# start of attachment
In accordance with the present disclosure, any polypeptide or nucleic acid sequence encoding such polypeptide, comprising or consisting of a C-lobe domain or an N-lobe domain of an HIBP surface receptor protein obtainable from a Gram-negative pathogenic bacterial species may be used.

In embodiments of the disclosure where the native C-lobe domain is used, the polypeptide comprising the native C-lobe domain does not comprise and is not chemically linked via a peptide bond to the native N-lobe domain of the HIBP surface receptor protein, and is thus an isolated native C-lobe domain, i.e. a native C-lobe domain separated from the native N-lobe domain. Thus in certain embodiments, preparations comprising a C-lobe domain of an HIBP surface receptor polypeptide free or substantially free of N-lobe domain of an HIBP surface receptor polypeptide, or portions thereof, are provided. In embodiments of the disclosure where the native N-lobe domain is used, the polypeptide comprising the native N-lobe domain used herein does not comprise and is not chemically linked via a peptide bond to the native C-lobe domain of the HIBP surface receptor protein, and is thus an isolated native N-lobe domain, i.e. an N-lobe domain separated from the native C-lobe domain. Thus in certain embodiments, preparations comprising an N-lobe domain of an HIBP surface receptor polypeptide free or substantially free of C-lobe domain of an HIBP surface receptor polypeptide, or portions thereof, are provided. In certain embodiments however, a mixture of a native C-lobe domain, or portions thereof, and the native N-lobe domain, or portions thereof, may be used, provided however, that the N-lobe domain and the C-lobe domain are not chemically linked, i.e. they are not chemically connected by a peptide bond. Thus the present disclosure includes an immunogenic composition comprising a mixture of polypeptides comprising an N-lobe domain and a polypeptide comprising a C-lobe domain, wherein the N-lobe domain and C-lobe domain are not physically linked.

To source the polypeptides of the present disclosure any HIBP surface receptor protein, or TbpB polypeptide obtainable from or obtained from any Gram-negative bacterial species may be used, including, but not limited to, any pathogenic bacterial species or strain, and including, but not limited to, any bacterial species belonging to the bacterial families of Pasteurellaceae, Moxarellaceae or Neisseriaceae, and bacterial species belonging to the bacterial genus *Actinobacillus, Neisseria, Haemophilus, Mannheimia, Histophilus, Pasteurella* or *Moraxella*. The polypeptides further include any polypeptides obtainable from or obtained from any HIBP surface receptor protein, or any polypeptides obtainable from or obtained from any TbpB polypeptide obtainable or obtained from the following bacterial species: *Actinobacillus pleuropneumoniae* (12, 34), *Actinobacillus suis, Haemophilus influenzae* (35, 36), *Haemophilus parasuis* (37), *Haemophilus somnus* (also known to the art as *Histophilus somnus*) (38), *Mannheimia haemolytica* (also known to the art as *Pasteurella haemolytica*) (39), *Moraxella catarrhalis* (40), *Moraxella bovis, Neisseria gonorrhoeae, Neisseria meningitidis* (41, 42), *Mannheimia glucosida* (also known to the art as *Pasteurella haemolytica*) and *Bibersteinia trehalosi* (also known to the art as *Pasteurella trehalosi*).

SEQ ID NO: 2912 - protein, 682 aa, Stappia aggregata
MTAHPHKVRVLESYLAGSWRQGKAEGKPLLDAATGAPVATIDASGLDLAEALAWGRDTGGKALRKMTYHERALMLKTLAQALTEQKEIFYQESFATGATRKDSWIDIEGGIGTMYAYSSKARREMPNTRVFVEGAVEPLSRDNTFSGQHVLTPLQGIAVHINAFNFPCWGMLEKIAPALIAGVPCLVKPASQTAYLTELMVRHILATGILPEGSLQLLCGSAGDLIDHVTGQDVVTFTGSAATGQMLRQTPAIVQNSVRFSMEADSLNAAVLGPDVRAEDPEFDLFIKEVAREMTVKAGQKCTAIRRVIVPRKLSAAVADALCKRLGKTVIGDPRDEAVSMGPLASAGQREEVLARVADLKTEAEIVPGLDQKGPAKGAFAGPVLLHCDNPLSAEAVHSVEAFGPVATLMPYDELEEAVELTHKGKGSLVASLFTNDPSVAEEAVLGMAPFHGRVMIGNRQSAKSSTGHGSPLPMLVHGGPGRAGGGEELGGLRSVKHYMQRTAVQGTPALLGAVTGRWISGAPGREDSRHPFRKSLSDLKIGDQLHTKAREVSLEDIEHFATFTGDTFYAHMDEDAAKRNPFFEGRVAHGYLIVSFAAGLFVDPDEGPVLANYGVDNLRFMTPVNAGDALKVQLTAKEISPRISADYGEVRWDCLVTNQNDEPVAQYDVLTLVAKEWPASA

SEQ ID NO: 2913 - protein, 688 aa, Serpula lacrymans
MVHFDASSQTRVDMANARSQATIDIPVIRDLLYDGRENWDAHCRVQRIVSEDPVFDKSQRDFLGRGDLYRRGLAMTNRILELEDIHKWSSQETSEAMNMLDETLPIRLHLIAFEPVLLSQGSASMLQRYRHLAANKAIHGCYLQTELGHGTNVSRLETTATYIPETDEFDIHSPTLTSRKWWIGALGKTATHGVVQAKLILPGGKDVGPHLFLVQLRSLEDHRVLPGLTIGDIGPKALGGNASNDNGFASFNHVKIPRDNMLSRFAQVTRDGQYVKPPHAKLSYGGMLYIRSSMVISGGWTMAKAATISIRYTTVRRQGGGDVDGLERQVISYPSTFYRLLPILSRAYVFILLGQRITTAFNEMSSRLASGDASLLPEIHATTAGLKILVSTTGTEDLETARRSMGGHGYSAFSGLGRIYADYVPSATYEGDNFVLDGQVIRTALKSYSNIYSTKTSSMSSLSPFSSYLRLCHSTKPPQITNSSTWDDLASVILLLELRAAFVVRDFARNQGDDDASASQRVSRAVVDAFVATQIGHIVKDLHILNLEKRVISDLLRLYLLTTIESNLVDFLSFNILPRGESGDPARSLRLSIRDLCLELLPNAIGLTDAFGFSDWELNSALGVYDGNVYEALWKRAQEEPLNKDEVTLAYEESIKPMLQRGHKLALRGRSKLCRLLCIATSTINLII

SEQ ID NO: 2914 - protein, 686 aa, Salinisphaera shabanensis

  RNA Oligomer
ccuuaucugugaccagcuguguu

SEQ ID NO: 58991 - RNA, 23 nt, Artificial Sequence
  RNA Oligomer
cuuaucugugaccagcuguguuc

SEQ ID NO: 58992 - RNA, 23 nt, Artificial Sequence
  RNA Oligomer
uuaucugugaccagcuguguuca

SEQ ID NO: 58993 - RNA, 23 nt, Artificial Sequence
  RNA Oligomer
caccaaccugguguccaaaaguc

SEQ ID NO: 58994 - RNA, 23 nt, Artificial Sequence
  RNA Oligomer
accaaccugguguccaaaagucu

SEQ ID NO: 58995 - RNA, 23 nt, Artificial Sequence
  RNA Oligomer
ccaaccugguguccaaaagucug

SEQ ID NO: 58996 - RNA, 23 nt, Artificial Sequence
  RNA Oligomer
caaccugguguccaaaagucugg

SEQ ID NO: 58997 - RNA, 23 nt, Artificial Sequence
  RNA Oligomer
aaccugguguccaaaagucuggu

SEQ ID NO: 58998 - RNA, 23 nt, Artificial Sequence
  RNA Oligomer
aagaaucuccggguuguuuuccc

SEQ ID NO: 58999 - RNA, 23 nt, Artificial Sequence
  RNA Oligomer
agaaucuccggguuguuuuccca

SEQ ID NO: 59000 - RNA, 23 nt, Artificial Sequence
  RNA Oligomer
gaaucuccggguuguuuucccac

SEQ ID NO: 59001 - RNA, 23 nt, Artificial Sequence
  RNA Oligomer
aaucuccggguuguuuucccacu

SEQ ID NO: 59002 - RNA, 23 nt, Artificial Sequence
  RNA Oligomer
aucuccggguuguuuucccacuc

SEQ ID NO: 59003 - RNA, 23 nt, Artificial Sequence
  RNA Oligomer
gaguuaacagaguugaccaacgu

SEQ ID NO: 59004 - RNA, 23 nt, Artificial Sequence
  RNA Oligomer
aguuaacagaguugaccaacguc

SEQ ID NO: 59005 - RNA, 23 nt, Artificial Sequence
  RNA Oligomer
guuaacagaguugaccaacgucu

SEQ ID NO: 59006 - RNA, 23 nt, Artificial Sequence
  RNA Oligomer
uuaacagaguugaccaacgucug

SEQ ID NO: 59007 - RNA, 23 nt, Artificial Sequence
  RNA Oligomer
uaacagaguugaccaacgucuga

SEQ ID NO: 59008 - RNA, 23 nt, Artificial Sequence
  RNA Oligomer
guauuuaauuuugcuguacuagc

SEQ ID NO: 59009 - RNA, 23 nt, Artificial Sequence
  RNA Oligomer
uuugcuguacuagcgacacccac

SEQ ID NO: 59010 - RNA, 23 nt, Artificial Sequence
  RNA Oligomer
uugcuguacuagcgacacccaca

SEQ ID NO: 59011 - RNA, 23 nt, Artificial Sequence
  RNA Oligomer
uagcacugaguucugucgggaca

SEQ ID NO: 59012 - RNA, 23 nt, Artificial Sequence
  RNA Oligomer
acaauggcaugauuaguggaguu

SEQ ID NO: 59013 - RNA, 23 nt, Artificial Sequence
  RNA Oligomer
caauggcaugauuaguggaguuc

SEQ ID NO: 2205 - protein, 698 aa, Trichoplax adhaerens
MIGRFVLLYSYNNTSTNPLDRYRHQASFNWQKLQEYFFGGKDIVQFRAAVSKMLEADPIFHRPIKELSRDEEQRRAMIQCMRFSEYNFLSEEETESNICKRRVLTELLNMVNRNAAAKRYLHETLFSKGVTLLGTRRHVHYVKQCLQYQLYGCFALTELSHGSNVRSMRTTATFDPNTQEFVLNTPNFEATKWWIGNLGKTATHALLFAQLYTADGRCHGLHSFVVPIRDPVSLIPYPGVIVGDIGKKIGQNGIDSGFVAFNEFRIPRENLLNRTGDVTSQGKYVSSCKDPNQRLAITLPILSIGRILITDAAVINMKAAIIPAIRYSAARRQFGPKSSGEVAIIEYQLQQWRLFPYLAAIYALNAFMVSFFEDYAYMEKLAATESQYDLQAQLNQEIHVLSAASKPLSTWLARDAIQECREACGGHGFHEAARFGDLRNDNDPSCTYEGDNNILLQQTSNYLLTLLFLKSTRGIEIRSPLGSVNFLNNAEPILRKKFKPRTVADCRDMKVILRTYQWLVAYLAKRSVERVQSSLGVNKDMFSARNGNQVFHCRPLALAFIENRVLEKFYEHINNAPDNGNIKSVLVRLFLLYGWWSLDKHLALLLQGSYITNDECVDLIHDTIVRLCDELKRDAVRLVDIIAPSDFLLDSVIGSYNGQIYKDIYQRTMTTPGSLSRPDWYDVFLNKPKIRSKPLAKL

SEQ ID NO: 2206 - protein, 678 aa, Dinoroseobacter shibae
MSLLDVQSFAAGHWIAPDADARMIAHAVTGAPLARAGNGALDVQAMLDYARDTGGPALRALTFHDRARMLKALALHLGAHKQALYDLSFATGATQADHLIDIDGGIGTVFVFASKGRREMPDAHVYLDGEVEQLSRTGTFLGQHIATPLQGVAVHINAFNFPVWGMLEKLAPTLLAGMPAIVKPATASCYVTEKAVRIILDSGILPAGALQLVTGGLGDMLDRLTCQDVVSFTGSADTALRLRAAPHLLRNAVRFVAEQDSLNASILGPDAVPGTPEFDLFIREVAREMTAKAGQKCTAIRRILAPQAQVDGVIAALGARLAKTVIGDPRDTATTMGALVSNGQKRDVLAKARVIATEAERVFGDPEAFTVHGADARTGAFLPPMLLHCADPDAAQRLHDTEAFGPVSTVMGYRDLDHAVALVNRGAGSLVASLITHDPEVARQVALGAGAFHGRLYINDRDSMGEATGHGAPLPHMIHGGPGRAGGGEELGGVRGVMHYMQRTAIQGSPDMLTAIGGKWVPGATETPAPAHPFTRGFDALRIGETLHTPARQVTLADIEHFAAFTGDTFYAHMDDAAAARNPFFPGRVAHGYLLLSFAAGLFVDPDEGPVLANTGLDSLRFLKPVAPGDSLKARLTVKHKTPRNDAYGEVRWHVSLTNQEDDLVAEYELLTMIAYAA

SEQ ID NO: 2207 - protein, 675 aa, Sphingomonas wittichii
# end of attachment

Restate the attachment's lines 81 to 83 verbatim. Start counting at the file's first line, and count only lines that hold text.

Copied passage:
MIGRFVLLYSYNNTSTNPLDRYRHQASFNWQKLQEYFFGGKDIVQFRAAVSKMLEADPIFHRPIKELSRDEEQRRAMIQCMRFSEYNFLSEEETESNICKRRVLTELLNMVNRNAAAKRYLHETLFSKGVTLLGTRRHVHYVKQCLQYQLYGCFALTELSHGSNVRSMRTTATFDPNTQEFVLNTPNFEATKWWIGNLGKTATHALLFAQLYTADGRCHGLHSFVVPIRDPVSLIPYPGVIVGDIGKKIGQNGIDSGFVAFNEFRIPRENLLNRTGDVTSQGKYVSSCKDPNQRLAITLPILSIGRILITDAAVINMKAAIIPAIRYSAARRQFGPKSSGEVAIIEYQLQQWRLFPYLAAIYALNAFMVSFFEDYAYMEKLAATESQYDLQAQLNQEIHVLSAASKPLSTWLARDAIQECREACGGHGFHEAARFGDLRNDNDPSCTYEGDNNILLQQTSNYLLTLLFLKSTRGIEIRSPLGSVNFLNNAEPILRKKFKPRTVADCRDMKVILRTYQWLVAYLAKRSVERVQSSLGVNKDMFSARNGNQVFHCRPLALAFIENRVLEKFYEHINNAPDNGNIKSVLVRLFLLYGWWSLDKHLALLLQGSYITNDECVDLIHDTIVRLCDELKRDAVRLVDIIAPSDFLLDSVIGSYNGQIYKDIYQRTMTTPGSLSRPDWYDVFLNKPKIRSKPLAKL

SEQ ID NO: 2206 - protein, 678 aa, Dinoroseobacter shibae
MSLLDVQSFAAGHWIAPDADARMIAHAVTGAPLARAGNGALDVQAMLDYARDTGGPALRALTFHDRARMLKALALHLGAHKQALYDLSFATGATQADHLIDIDGGIGTVFVFASKGRREMPDAHVYLDGEVEQLSRTGTFLGQHIATPLQGVAVHINAFNFPVWGMLEKLAPTLLAGMPAIVKPATASCYVTEKAVRIILDSGILPAGALQLVTGGLGDMLDRLTCQDVVSFTGSADTALRLRAAPHLLRNAVRFVAEQDSLNASILGPDAVPGTPEFDLFIREVAREMTAKAGQKCTAIRRILAPQAQVDGVIAALGARLAKTVIGDPRDTATTMGALVSNGQKRDVLAKARVIATEAERVFGDPEAFTVHGADARTGAFLPPMLLHCADPDAAQRLHDTEAFGPVSTVMGYRDLDHAVALVNRGAGSLVASLITHDPEVARQVALGAGAFHGRLYINDRDSMGEATGHGAPLPHMIHGGPGRAGGGEELGGVRGVMHYMQRTAIQGSPDMLTAIGGKWVPGATETPAPAHPFTRGFDALRIGETLHTPARQVTLADIEHFAAFTGDTFYAHMDDAAAARNPFFPGRVAHGYLLLSFAAGLFVDPDEGPVLANTGLDSLRFLKPVAPGDSLKARLTVKHKTPRNDAYGEVRWHVSLTNQEDDLVAEYELLTMIAYAA